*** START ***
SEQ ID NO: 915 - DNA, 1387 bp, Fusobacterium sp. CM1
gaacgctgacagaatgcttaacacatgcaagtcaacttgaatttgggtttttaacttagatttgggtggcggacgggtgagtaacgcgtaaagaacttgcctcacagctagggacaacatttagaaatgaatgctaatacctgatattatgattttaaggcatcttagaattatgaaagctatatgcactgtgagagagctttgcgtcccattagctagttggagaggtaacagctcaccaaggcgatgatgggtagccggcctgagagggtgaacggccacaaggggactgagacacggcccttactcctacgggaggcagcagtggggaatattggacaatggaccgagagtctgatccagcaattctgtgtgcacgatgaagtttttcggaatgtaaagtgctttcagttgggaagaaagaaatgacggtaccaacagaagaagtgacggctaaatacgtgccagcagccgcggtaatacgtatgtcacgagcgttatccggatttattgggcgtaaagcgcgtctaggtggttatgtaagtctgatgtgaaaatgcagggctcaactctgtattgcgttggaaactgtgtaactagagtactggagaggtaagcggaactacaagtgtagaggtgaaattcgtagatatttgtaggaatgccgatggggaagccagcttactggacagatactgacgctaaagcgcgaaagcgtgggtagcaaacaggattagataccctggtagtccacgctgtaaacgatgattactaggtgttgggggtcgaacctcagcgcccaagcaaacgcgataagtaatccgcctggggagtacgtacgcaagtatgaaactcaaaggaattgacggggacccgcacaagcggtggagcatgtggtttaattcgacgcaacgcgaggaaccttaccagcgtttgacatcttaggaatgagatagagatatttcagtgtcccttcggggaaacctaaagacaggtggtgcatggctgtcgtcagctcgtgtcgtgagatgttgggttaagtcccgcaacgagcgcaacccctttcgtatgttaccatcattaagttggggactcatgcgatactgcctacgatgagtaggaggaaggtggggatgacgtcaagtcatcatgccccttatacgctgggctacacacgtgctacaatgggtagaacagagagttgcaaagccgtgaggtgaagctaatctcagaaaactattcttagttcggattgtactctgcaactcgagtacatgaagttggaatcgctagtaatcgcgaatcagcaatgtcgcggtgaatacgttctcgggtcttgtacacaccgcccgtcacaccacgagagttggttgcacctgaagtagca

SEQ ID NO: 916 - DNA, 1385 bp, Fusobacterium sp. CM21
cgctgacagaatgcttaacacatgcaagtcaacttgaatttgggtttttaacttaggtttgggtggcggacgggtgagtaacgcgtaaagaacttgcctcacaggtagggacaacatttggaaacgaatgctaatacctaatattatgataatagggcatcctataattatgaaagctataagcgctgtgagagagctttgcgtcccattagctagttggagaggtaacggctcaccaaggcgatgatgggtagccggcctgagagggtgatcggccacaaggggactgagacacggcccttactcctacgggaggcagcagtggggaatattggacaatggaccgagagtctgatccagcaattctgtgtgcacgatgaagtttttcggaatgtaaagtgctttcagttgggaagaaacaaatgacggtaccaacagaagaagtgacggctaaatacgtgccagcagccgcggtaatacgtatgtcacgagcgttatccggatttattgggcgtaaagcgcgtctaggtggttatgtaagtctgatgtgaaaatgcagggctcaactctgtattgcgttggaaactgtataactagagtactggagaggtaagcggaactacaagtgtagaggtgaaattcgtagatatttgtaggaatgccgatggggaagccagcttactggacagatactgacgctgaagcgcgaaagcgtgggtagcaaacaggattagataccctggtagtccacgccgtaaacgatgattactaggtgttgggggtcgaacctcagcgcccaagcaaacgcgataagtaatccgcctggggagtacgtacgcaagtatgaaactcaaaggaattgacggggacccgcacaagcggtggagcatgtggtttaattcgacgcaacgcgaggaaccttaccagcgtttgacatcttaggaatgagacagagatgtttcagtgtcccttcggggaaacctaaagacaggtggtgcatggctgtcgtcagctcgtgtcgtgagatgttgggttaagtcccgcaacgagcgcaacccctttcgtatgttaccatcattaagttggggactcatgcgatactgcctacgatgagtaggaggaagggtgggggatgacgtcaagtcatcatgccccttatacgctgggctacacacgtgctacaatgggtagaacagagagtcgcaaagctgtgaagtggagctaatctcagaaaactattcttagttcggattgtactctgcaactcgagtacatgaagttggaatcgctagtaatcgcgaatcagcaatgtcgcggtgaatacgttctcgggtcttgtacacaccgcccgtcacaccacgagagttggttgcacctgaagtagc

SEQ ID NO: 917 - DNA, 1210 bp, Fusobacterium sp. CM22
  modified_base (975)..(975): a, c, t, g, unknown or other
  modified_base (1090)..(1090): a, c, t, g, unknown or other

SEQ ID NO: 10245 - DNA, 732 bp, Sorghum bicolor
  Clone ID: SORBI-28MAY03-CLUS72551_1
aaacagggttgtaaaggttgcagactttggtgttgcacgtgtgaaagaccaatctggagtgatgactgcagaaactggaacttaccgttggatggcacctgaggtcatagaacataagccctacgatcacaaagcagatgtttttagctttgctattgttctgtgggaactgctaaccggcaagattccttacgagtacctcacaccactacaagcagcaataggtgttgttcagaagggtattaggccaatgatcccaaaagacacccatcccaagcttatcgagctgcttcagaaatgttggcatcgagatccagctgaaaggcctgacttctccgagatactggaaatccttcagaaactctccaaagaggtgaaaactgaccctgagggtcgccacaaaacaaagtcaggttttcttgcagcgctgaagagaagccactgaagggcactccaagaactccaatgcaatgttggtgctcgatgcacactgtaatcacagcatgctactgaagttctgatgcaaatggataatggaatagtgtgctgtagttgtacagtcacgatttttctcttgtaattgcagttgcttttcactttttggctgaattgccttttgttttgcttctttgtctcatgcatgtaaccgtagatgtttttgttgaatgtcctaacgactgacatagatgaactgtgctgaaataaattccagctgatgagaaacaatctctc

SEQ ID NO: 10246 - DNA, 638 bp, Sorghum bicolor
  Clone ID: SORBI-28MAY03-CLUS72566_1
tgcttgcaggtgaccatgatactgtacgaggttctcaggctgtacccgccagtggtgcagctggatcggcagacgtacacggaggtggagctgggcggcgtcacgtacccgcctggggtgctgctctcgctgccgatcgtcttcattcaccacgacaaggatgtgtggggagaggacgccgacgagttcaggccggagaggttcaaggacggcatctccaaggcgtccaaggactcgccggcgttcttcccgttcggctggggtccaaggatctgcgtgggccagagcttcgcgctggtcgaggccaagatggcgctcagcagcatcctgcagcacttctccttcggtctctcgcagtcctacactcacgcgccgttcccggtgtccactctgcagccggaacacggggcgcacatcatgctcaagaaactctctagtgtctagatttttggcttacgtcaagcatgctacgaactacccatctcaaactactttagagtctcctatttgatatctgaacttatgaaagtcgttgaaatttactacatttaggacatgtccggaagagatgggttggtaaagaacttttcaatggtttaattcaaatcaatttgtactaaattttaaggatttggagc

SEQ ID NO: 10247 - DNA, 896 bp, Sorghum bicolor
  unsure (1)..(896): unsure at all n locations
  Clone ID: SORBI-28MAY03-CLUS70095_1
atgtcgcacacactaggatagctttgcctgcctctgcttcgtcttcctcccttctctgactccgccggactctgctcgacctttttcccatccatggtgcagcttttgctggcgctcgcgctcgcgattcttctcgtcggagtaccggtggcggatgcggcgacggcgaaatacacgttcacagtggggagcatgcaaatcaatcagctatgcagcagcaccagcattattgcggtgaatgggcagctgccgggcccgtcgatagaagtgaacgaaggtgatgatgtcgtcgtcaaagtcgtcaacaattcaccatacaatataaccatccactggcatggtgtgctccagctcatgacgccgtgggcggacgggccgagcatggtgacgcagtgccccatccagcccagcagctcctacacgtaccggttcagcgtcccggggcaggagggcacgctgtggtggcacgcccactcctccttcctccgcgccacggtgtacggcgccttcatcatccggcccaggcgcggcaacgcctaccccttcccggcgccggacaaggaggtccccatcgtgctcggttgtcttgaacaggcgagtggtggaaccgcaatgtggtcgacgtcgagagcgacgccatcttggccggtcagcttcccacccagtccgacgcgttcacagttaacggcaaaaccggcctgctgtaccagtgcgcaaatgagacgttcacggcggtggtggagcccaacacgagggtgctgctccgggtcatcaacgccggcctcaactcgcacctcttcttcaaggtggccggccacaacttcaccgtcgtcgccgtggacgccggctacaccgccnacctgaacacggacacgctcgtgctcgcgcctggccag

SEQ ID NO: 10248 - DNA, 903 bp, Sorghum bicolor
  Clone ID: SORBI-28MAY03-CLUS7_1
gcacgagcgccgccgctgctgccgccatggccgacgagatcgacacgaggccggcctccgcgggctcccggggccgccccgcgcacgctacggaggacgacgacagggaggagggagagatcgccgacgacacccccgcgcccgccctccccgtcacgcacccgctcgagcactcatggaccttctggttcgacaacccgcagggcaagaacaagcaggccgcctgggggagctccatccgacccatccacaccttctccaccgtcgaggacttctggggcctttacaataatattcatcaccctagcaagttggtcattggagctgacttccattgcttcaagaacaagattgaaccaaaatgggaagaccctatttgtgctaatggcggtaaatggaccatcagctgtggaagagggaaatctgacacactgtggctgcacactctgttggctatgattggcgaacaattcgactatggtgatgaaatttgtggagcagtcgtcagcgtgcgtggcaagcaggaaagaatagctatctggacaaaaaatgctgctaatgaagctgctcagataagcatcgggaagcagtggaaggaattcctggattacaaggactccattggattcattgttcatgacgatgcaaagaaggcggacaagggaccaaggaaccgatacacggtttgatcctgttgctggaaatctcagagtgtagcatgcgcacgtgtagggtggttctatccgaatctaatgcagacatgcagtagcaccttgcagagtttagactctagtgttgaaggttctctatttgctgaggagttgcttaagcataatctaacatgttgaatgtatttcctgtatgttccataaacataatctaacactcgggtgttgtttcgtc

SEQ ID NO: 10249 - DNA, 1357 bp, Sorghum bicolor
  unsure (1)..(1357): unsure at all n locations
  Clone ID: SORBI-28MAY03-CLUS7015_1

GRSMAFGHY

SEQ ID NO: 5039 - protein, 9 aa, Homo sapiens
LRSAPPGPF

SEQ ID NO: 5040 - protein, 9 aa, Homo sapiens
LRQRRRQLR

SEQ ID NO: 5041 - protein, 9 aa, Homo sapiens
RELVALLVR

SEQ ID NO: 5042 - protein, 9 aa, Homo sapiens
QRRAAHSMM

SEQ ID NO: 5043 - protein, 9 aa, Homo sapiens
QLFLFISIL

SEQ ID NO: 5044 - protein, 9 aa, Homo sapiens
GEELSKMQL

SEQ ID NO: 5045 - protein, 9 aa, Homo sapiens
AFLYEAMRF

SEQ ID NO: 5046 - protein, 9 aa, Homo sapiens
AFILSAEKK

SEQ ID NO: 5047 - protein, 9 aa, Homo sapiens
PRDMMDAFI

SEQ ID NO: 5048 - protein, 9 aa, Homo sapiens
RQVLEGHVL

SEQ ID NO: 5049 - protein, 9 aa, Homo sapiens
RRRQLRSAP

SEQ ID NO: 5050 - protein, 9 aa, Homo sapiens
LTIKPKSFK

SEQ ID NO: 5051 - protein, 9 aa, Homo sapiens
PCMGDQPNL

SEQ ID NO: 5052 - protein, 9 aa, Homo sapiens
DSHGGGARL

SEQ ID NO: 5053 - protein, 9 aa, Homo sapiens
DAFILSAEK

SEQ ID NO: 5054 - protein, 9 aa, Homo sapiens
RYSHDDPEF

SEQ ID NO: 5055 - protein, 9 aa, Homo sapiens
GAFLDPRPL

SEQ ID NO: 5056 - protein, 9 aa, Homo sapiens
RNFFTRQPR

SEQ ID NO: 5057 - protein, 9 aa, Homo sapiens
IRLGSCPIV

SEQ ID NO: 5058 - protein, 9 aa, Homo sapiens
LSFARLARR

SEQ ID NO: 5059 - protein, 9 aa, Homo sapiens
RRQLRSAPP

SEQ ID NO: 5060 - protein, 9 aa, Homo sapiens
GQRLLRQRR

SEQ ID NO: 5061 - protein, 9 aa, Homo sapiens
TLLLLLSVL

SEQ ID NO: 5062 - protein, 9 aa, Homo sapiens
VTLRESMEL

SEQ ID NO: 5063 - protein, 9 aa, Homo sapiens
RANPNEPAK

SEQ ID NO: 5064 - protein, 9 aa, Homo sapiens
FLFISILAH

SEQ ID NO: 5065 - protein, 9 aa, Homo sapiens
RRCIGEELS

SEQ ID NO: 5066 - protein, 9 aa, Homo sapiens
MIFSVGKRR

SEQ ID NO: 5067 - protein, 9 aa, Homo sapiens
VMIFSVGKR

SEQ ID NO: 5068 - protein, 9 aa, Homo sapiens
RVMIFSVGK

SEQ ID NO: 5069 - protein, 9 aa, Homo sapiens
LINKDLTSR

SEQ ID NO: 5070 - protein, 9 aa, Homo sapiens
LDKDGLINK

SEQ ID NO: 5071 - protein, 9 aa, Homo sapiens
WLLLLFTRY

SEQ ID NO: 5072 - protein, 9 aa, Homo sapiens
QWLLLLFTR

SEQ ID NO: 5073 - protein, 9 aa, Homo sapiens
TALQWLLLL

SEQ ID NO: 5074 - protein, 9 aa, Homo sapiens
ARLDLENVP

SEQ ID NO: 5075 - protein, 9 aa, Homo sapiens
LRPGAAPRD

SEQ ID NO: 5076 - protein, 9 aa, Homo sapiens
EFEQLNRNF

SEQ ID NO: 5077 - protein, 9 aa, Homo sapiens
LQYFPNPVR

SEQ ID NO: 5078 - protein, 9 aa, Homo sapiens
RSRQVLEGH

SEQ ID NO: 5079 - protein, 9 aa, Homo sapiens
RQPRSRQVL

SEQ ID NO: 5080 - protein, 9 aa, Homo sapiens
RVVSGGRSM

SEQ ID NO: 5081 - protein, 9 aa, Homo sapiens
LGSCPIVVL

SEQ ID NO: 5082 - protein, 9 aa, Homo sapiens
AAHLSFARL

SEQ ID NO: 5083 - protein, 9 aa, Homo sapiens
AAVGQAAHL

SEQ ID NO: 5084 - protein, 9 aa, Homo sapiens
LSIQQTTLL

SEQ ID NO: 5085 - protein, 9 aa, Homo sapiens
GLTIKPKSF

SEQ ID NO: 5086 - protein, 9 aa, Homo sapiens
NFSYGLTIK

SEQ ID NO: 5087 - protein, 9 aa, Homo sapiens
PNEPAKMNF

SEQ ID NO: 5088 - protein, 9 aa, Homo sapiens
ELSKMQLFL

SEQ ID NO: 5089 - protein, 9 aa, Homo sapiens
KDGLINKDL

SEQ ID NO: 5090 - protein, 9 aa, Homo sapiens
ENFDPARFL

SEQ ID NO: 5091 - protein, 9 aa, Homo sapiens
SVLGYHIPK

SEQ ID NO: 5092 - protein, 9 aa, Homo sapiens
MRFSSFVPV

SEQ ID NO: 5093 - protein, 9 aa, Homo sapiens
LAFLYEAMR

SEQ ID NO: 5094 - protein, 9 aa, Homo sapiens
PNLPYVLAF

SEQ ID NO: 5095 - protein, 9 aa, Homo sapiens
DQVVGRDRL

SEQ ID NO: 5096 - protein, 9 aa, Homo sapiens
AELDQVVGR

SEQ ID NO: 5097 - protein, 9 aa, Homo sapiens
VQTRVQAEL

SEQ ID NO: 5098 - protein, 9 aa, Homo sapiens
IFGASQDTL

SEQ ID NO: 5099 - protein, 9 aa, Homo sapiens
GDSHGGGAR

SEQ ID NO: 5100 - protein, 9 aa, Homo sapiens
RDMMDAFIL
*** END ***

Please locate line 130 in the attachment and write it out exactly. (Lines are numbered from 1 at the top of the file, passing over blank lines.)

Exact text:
SVLGYHIPK